President Recep Tayyip Erdoğan faces a huge challenge in the upcoming June 24 elections. The president and his Justice and Development Party (AK Party) are not only facing an opposition alliance representing of all kinds of diverse ideologies, but he also has to overcome the massive propaganda campaign launched of some Western powers that have a stake in seeing him leave office.
What is also interesting is that some of these opposition groups are either being coached by foreign powers or have links with the Gülenist Terror Group (FETÖ) that staged an unsuccessful bloody coup in Turkey on July 15, 2016.
The opposition's Nation Alliance is led by the left-wing Republican People's Party (CHP). The party speaks on similar lines with FETÖ. Its presidential candidate Muharrem İnce is busy fabricating lies as part of his smear campaign against Erdoğan and the AK Party. In fact, he and the party's leader Kemal Kılıçdaroğlu are basing their campaign not on projects to be offered to the public but on a defamation campaign that boils down to a war of attrition. In fact, İnce seems completely aloof on the powers of the president in the new system and is making promises that are beyond the powers of the chief executive.
The junior partner of the opposition alliance, Meral Akşener, and her conservative Good Party (İP) are suspected of being supported by FETÖ. In fact before the 2016 coup attempt, FETÖ did everything to help Akşener become the chairperson of the conservative Nationalist Movement Party (MHP). The group used its prosecutors and judges to help Akşener hijack the MHP through legal tricks and they nearly succeeded. When Akşener failed and was kicked out of the MHP, she and her associates established the İP, which seems to have the backing of not only FETÖ but also some Western countries. Akşener is also running for the presidency, while her party is in the alliance for the parliamentary elections. In the past, Akşener has held a strongly anti-Kurdish stance but is now pretending she has special admiration for the Kurds simply to win some of their votes.The other junior partner of the alliance is the pro-Islamic Felicity Party (SP), which were sworn enemies of the CHP as the left-wing party helped the campaign to topple the SP's legendary leader Necmettin Erbakan in 1997. Yet they too have fielded party chairman Temel Karamollaoğlu as the party's presidential candidate but are in the alliance for the parliamentary elections.The fourth member of the Nation Alliance is the Democrat Party (DP), which is too little to mention.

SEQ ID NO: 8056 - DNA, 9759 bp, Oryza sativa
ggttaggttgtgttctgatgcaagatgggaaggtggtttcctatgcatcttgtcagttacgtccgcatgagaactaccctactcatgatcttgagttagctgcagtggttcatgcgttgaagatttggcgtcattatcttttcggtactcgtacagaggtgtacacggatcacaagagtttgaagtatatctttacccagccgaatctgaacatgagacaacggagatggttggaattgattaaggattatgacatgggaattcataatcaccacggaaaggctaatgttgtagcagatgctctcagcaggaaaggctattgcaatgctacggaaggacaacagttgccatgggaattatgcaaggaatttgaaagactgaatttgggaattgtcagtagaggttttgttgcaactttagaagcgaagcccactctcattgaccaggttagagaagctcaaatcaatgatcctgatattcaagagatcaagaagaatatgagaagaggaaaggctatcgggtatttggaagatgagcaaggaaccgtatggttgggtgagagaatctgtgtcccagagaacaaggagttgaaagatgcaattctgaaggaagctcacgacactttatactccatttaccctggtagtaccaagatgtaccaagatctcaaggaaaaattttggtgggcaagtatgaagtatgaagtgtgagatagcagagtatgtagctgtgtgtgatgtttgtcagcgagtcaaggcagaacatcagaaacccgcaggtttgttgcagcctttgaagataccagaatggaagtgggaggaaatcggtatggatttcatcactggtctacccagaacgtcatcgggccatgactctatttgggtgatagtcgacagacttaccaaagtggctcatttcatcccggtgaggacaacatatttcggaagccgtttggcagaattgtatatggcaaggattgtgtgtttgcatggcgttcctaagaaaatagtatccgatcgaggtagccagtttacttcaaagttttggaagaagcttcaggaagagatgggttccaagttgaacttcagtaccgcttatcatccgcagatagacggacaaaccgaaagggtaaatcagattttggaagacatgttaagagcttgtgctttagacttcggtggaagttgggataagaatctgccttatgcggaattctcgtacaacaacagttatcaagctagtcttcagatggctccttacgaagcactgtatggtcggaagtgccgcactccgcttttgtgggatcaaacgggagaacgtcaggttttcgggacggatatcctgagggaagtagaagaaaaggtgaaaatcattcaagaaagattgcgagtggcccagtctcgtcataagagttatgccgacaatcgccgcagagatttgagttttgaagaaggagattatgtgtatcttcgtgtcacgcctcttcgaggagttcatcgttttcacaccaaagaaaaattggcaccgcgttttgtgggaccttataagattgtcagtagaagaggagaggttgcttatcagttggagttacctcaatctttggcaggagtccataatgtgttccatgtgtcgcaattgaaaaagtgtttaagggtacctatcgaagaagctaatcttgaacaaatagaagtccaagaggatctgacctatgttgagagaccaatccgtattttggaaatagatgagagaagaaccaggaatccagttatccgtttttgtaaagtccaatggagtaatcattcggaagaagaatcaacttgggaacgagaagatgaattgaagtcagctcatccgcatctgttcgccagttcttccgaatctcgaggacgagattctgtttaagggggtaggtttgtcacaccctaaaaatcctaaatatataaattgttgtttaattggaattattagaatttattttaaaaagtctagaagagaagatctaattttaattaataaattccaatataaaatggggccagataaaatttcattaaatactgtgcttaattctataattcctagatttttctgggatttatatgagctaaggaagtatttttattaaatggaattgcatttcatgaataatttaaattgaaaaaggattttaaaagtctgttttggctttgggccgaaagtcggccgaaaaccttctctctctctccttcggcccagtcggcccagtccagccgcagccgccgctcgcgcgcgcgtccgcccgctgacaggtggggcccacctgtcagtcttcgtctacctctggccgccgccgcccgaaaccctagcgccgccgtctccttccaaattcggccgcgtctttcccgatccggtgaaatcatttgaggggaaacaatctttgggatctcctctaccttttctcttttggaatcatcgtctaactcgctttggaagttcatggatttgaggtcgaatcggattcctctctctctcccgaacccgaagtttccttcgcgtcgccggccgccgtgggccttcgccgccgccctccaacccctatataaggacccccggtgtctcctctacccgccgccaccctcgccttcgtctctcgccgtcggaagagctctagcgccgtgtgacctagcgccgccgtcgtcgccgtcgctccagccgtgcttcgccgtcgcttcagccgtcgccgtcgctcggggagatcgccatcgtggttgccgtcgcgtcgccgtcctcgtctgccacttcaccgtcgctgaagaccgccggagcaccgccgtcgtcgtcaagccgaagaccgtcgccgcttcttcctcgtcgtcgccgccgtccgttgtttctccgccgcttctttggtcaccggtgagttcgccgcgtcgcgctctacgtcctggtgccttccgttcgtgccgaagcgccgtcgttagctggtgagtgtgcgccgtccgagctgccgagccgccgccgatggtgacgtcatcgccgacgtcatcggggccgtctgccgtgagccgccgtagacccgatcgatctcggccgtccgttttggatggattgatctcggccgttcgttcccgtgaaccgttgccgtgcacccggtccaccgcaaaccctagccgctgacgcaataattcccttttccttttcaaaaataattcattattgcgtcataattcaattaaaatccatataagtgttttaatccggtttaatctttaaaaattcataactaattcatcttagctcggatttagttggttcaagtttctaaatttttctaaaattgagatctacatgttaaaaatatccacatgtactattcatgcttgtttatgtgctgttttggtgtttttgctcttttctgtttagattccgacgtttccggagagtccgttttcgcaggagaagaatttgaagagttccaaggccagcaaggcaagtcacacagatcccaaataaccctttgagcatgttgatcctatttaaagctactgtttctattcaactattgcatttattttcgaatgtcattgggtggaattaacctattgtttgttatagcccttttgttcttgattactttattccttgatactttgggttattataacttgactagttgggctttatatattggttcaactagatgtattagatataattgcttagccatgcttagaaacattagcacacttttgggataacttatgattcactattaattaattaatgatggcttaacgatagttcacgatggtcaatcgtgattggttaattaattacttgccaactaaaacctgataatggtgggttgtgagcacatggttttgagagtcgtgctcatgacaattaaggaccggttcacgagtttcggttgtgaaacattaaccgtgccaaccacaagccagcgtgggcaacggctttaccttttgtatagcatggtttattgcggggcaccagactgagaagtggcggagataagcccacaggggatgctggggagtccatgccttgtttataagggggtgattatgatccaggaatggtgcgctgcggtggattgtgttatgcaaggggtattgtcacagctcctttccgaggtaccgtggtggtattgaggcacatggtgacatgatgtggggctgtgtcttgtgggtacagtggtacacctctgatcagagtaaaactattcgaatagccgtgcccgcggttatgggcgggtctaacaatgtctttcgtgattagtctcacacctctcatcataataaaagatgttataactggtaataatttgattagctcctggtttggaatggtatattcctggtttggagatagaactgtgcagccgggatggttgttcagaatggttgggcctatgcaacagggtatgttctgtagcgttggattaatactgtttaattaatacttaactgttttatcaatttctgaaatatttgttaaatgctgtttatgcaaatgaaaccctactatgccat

They all have a deep hatred for Erdoğan and his AK Party. That seems to be the glue of their alliance.
Erdoğan is smack in the middle of this scenario. He has to fight all these parties and their presidential candidates and run his own campaign with his own priorities at the same time. He has to put up with their insults, allegations and deceptions.
Erdoğan also has to struggle against the Western powers that are coaching these people and the huge FETÖ network in the U.S. and Germany that provides support to the opposition parties, especially the CHP and the İP. So while Erdoğan is the favorite to win the presidential elections, the challenges he faces are rather tough.